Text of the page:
Welcome to Jester's Trek.
I'm your host, Jester. I've been an EVE Online player for about six years. One of my four mains is Ripard Teg, pictured at left. Sadly, I've succumbed to "bittervet" disease, but I'm wandering the New Eden landscape (and from time to time, the MMO landscape) in search of a cure.
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Friday, March 25, 2011

Play to your strengths

My strongest single negotiating and business skill is my ability to read between the lines, and to make connections between four or five apparently completely unrelated facts to come to a new conclusion.

Let's talk PvE in 0.0 this time, but come at it from an interesting direction, shall we?

Kirith Kodachi, over at Inner Sanctum of the Ninveah, has written an examination of the Revenant super-carrier, comparing it to the similar Caldari Wyvern.  The subject comes up because the first Revenant BPC publicly available for auction has been advertised on the EVE Online forums.  Starting bid?  50 billion ISK.  And the price is only going up.  After examining the two ships and comparing them in a number of ways, Kirith concludes that the Wyvern is the superior craft.  And in the process, unfortunately, he misses a key point to the ship.

Over at Fiddler's Edge, Mord is also in the mood to talk about PvE.  He's talking about the current war in Geminate between the DRF and the NC -- a topic I'll probably have a bit to say about next week sometime -- and the enormous losses that the two sides have taken in super-caps.  More than 1.8 trillion ISK in Titans alone, by Mord's math, and I can find nothing wrong with his math.  He points out that major super-cap losses are no longer life-threatening to an alliance.  He then spends a great deal of time talking about the ways and means for developing the ISK flow needed to finance these losses when they occur.  And while Mord is an excellent writer and blogger, he also kind of misses the point, at least when it comes to the NC.

Super-capitals were initially intended to be an alliance-owned asset with no capability for individuals or even corps to purchase them.  A well fit super-carrier and the implants needed to sit in it cost more than a full-on 0.0 station egg, for Heaven's sake.  But things have changed since super-carriers were first put into the game.  I mentioned on my own blog a couple of weeks ago that 0.0 ratting has become the tail that wags the dog when it comes to 0.0 income.  A typical 0.0 alliance these days uses moon goo to finance its PvP reimbursement programs.  The corps that make up that alliance typically get their funding from tax on 0.0 rats, and it doesn't take a particularly high tax rate to be viable if you have enough ratters in your corp.  Mord and others have written about striking the right balance between PvPers and carebears in a single corp to balance the funding needed for this model, and that's certainly still challenging (note to self: write a post about funding a 0.0 corp).  But the fact remains that a viable 0.0 corp gets a significant portion of its on-going funding from ratting.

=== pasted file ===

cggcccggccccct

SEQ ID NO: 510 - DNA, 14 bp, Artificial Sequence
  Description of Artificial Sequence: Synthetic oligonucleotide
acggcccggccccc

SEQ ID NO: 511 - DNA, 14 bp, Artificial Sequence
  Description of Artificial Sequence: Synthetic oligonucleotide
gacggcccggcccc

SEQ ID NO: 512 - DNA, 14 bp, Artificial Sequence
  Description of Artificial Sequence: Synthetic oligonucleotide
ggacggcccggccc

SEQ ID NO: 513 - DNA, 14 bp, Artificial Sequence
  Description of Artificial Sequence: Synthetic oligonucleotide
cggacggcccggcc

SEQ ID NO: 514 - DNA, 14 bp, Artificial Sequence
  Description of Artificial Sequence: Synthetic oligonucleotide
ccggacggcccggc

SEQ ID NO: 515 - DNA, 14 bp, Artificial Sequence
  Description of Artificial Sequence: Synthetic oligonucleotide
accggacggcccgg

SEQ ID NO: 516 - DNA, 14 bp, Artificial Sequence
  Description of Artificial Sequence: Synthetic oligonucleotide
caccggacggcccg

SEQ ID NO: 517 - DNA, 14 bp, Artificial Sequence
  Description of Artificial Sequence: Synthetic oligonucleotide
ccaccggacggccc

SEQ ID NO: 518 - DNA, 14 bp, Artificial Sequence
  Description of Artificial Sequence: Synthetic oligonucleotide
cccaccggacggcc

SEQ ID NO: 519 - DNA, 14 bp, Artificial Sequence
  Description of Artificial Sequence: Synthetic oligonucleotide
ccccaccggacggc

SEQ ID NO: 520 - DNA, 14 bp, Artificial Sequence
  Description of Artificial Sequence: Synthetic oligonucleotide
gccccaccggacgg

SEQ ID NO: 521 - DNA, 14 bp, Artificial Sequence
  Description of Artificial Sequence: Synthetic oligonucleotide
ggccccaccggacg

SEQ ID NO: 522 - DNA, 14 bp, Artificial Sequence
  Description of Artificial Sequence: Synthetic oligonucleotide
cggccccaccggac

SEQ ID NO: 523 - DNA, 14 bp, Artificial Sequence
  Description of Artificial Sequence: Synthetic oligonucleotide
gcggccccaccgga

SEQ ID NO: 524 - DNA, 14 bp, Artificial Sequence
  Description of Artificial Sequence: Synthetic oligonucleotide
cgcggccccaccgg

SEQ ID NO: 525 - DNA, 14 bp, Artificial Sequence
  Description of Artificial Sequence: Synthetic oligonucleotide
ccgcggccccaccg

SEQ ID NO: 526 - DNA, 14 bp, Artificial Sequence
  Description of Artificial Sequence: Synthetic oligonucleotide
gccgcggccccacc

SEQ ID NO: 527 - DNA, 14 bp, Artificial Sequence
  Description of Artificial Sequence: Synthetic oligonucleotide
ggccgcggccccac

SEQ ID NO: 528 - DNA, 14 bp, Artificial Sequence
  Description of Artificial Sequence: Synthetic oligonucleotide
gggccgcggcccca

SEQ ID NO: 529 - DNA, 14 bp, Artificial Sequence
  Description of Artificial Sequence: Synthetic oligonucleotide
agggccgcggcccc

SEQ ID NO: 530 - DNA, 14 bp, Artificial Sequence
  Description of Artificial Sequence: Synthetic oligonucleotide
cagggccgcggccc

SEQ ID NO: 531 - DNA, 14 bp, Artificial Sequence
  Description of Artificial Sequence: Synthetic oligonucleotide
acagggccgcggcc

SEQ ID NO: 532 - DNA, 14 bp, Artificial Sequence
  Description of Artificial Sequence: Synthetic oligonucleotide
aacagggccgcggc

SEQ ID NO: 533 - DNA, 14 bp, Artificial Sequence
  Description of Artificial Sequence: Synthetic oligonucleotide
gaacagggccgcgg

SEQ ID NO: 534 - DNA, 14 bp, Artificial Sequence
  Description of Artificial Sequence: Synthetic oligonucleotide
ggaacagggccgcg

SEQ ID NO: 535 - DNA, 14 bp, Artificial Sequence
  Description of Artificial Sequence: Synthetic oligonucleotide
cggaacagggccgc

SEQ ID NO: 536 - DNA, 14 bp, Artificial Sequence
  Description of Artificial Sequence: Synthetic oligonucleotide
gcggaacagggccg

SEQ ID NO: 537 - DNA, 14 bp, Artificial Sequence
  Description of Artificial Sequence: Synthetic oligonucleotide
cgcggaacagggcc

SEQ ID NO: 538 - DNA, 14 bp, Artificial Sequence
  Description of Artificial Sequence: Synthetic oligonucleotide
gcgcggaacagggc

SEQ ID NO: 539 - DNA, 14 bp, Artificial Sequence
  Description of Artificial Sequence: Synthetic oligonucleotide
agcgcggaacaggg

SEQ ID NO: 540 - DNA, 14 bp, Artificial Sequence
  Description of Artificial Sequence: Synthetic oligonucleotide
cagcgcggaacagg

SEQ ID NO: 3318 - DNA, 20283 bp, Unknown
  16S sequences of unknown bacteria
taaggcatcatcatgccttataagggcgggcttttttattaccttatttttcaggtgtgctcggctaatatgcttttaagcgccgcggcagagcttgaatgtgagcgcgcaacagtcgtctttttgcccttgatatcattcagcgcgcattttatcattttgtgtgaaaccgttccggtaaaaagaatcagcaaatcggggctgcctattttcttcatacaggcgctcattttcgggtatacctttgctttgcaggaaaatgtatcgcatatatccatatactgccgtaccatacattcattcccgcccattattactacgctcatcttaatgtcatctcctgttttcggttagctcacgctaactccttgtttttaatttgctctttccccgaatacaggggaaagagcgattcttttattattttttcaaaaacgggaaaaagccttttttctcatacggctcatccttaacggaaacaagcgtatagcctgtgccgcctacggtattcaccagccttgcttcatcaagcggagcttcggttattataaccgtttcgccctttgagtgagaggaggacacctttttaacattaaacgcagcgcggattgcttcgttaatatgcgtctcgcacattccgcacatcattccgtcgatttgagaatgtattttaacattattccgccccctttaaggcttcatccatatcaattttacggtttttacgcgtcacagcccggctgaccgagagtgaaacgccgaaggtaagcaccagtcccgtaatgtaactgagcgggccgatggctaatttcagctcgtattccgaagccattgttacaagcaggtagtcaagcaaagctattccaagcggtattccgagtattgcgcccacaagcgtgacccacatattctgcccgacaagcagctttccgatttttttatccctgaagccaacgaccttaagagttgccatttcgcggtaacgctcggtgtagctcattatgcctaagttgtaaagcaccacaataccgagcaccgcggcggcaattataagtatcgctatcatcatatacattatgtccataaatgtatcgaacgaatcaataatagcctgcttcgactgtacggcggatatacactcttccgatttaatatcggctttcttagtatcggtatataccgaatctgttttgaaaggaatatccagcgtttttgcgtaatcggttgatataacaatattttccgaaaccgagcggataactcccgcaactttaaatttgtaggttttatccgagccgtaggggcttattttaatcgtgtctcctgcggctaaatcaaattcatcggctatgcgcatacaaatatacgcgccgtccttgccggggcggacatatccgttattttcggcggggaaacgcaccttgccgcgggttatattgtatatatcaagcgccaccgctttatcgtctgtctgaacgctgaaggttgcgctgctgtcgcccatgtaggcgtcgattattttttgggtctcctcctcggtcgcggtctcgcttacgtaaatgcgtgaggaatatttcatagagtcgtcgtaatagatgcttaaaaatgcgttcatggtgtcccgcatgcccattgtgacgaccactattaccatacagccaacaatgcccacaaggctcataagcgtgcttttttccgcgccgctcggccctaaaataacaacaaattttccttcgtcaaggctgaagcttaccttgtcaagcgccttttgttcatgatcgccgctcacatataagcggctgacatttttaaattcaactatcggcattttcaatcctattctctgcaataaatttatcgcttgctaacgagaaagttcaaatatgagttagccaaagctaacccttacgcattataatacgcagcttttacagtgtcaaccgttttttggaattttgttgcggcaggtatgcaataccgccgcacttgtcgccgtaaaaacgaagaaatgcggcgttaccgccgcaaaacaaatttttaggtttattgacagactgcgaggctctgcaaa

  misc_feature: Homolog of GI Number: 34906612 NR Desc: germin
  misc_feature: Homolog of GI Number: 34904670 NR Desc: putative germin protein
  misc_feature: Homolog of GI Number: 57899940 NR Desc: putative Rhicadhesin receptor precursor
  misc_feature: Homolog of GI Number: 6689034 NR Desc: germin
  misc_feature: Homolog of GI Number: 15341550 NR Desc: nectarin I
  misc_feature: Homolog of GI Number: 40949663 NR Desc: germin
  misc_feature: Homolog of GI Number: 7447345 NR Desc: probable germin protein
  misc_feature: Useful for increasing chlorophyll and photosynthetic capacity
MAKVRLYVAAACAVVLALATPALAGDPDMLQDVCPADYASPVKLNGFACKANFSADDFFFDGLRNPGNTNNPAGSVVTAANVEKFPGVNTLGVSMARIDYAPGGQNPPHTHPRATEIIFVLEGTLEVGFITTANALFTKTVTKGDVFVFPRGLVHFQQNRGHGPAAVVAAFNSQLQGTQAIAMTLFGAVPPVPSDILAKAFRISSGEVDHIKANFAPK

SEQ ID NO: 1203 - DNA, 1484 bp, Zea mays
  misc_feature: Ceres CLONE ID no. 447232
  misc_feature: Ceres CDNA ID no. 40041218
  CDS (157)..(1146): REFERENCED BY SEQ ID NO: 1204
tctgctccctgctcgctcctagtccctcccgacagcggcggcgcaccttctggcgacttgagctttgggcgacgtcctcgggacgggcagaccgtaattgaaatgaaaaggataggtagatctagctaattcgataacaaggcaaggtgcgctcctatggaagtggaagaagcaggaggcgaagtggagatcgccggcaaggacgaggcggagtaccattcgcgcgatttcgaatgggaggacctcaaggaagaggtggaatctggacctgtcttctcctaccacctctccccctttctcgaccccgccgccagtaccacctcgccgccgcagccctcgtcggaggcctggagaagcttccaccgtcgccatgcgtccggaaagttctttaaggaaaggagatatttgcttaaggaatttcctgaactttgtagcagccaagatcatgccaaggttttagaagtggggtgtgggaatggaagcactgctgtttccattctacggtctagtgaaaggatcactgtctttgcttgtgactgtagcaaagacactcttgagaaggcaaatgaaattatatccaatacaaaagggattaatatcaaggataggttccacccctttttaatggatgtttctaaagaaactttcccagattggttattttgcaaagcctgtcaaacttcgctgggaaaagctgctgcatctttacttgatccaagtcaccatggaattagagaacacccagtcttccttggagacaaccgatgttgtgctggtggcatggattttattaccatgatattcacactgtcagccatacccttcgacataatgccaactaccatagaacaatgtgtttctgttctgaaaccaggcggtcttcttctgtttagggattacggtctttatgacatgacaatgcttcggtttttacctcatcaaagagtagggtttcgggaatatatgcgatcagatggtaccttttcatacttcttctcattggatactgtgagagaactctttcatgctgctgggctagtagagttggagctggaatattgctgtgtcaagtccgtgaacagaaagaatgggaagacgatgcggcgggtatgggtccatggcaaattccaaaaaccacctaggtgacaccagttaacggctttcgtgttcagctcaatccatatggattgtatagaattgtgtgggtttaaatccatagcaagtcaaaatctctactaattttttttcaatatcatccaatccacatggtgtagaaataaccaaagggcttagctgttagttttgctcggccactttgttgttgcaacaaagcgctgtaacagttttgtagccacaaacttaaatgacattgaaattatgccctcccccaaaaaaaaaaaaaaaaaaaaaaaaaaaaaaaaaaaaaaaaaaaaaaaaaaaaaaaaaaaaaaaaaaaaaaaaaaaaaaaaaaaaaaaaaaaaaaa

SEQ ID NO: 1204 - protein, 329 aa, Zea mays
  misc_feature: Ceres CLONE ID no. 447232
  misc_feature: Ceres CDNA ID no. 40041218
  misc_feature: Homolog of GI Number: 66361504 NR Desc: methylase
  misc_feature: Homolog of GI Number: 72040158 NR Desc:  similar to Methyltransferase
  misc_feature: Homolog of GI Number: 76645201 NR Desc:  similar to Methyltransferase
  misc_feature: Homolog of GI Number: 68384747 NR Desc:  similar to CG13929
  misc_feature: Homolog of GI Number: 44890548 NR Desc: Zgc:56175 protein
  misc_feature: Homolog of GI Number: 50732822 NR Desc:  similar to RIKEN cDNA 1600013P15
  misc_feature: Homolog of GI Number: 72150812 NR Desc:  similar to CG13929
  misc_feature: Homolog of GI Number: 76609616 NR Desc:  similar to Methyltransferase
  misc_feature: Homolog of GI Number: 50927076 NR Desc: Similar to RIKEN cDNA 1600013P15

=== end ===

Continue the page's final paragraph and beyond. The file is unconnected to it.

But as we've already learned in that very same blog post, the value of those 0.0 rats is about to change... and it's likely going to change the whole dynamic of how 0.0 corps are funded.

Over at Scrapheap, there's been a thread talking about the various use of carriers.  Also on SHC, in another section, there was this question:
If a carrier with fighter bonuses Thanatos/Nyx assigns fighters to someone who is off grid, does the fighters get the damage bonus still?
The answer is "yes."  I've done numerous tests on this one myself (and said so in the thread), and in the very next post, teds formalizes those tests thanks to the fact that you can now see drone damage in your combat log as of a recent patch.  That apparently also includes damage from assigned fighters.

I should write a full post on this one as long as I'm in a PvE mood, but one of the most common ways to rat in 0.0 with two accounts is to have your first account launch in a carrier, set up shop at a safe POS somewhere, and launch five fighters.  Then your second account launches in a fast ship with minimal need for drones (Machariels and Tengus most often, but even a humble Drake will do fine) and heads for his first asteroid belt or anomaly.  The carrier pilot then assigns these fighters to the second account.  Again, I'll write in more detail on how this works because I have never seen a decent guide on it elsewhere (note to self: write a guide on carrier uses and tactics).  For now, take my word for it: the ratting ship gets an additional 500-600 DPS from the fighters that are assigned to it.  This makes even our humble Drake a 1000 DPS ratting power-house.

And the fighters retain the damage bonus of the carrier pilot that launched them, and the bonuses of the ship that he's sitting in.